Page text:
That was the address of “Concerned Democrats of Berkshire County” on the letterhead that the Gang of 23 signatories used to send a muscle-down letter to congressional candidate Andrea Nuciforo requesting that he take himself out of contention for the District 1 House seat. The bilocation of 69 West Housatonic St. is either a remarkable coincidence or its something else.
Is It Fishing Season? Don’t Know, but Something’s Fishy.
Piece that together with the fact that in September 17, 2009, Sheehan contributed 2,400 to “Citizens for Nuciforo” as “Sheehann Health Group/Principal.” Sheehan also wrote a $250 check for Nuciforo sometime in the reporting period between May 1-31, 2008. This time he’s listed as “Healthcare Administrator, Cranveville Place.”
Taken together and on the surface, the two pieces of information — the 69 W. Housatonic address and the two contributions to Nuciforo — don’t add up. Then again, not much in the attempted DPW land purchase does. Sheehan has also contributed to Lynch for Congress.
Sheehan owns a slew of corporations in Massachusetts and has them registered under both “Patrick Sheehan” and “Patrick J. Sheehan.” Each uses one of two Dalton, Mass., addresses: 45 Main St. or 355 Washington Mountain Road. Only 1644 East St. LLC is connceted to the lawyers at 69 W. Housatonic St. The rest employ Boston or New York firms. One can only wonder why.
Questions: No More, No Less
Sheehan also has his fingers in “Hospice Services of Western Massachusetts LLC” (45 Main St., Dalton, address) and “Hospice Services of Massachusetts” (365 Washington Mountain Road, Dalton, address), plus a listing as “Director, Berkshire County ARC Inc.” (365 Washington Mountain Road).
This is public information. This is also neutral information. It doesn’t mean good or bad, up or down, in or out. To be sure, the labyrinth of corporate LLCs associated with Mr. Sheehan is odd bordering bizarre. An interesting question is why does only one of these LLCs, the 1644 East Street LLC involved in the DPW attempted land sale, have lawyers with local ties, with Sherwood Guernsey no less, the chief cosigner on the Gang of 23 letter to Nuciforo? Questions, no more, no less.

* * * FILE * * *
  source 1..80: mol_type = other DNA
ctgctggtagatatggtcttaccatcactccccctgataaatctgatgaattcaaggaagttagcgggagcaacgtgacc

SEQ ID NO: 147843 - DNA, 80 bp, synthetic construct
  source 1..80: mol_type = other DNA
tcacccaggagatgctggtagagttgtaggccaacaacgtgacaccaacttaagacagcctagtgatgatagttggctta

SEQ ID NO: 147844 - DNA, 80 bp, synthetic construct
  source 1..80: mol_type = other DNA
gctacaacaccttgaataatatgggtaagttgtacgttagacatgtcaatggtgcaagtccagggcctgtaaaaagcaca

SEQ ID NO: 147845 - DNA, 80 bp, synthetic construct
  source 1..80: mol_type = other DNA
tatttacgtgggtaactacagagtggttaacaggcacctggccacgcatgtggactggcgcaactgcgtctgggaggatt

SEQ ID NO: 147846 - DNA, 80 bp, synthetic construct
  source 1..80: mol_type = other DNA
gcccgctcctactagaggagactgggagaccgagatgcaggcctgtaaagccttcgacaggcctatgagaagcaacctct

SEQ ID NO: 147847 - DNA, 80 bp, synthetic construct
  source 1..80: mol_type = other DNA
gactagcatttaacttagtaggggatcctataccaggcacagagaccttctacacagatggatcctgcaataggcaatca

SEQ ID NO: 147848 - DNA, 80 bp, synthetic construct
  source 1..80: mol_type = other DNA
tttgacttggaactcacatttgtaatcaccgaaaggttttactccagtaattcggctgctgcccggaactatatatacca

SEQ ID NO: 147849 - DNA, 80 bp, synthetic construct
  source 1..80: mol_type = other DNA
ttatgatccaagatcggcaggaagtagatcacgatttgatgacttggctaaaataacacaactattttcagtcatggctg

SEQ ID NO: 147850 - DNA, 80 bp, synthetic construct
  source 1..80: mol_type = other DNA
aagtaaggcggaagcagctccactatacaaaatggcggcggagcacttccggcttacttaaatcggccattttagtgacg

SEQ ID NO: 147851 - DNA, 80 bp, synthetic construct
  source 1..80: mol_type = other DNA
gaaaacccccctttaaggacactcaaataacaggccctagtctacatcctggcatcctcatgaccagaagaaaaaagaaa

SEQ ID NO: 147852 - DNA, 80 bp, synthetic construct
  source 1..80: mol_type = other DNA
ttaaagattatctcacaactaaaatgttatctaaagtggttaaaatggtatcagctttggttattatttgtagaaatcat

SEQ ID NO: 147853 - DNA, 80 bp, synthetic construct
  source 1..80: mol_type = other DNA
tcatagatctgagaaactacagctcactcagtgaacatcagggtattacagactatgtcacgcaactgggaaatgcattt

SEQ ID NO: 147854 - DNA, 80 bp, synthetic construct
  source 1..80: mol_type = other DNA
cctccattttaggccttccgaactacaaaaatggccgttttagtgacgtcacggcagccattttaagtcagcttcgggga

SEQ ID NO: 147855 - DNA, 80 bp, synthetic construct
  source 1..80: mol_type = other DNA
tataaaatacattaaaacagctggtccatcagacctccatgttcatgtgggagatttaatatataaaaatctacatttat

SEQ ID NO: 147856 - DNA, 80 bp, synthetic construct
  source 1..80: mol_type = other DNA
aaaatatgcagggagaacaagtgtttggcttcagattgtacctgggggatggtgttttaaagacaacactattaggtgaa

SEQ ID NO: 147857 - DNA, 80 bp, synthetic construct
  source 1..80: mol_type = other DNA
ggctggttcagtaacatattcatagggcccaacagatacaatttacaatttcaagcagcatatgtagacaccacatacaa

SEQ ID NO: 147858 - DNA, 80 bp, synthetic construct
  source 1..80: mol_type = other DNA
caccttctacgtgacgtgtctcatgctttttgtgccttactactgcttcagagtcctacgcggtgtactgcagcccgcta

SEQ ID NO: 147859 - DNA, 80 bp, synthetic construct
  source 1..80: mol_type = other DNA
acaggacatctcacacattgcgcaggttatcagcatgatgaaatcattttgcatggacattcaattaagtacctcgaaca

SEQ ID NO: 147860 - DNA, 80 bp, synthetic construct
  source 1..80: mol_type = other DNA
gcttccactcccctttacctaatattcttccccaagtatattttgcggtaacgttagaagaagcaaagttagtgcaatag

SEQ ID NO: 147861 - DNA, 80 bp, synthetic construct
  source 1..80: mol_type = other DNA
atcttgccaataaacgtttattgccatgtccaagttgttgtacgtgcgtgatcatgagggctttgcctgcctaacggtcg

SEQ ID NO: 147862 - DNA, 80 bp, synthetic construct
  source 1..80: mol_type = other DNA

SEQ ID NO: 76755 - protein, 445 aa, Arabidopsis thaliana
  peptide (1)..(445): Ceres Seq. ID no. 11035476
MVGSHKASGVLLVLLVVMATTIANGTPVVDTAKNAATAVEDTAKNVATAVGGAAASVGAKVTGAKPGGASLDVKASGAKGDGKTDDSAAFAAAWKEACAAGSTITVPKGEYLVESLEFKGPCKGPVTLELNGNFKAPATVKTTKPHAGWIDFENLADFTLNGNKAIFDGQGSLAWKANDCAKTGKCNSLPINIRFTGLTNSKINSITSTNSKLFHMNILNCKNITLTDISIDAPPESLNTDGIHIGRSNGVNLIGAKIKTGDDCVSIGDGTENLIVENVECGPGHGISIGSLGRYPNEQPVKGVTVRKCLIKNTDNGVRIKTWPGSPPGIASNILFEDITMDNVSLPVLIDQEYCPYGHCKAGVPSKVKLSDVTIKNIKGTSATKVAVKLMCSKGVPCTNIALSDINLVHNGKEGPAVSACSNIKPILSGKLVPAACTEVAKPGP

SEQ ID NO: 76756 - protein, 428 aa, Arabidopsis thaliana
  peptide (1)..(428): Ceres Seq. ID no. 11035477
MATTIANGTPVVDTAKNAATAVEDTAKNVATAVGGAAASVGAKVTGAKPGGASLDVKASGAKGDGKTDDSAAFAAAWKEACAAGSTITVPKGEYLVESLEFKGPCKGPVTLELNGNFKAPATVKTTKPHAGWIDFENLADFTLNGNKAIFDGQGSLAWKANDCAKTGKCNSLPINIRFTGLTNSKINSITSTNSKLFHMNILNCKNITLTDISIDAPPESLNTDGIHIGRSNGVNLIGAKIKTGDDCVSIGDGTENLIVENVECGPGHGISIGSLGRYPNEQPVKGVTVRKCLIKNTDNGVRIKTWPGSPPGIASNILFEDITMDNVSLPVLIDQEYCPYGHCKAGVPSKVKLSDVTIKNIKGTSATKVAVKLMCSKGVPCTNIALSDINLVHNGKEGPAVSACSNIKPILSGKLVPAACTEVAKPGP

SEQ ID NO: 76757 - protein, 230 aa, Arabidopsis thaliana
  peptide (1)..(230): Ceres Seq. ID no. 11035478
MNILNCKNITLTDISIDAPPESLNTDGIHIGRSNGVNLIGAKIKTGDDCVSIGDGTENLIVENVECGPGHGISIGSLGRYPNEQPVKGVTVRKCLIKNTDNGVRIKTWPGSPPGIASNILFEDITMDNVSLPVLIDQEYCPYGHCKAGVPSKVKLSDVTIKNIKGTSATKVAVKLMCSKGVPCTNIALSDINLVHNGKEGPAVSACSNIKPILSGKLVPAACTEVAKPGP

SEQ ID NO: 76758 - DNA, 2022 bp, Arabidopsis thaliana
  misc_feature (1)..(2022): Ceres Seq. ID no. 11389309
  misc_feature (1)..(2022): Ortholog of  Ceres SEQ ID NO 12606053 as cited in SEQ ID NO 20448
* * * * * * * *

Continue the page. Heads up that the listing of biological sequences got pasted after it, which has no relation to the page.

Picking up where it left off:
Which enterprising sort on the Boring Broadsheet tried to answer them? None, because they didn’t even want to look at the questions, as Lindsey’s sycophantic interview with Ruberto illustrates today. Did Lindsay talk to Joe Nichols, who was the first to point out PCB problem at the 1644 East St. site? Did he try to talk to citizens about their feelings over the land sale? Did he attempt to locate Sheehan? I didn’t think so.
What’s Worse than a Kissing-Up Interview? A Inaccurate Kissing-Up Interview
Lindsay, meanwhile, for mysterious reasons continues to inflate the square footage of the leaky building at 1644 East St. by 2,400 — He eats the city’s 18,000 sq. ft. figure right out of their hand. The Planet didn’t. We checked the deed, which lists 15,600 sq. ft.
We cut Lindsay some slack: He was a long-time radio news guy, used to writing one-minute stories and fluffing them up poof poof. Lindsay’s not a real “news guy” in the muck-racking tradition of Pulitzer-Hearst independent journalism, which is likely why the Boring Broadsheet hired him and put him on the City Hall beat, where the main requirement is a writer who sees, hears, and writes no evil of the Sacred Cows.
Which councilors attempted to find answers to the strangeness surrounding the 1644 East St. land deal? What else didn’t councilors know before almost (thankfully, we can say, “almost”) caving in and rubber stamping a $4 million turkey. Nichols, Melissa Mazzeo, and Christine Yon deserve credit for looking deeper than the subsommitte’s 4-1 recommendation to approved the deal.
Yon cast the lone vote against the purchase in subcommittee. It is her signature moment thus far as Ward 1 councilor.
Yes, this DPW land deal is both a white elephant and a turkey. If the deal remains alive much longer, it will resemble Noah’s Arc.
Councilor Mike Ward said in the BB story today that maybe the building makes sense at a different price, leased. Maybe, he says, which is, of course, a clever way of saying “maybe not.” If Sheehan wants to sell the city the property for $1 AND assume all liabilities from pollution, The Planet will be the first to recommend the purchase.
Meanwhile, there are plenty of other options for the DPW garage. We’ll b back tomorrow for that.
Love to all.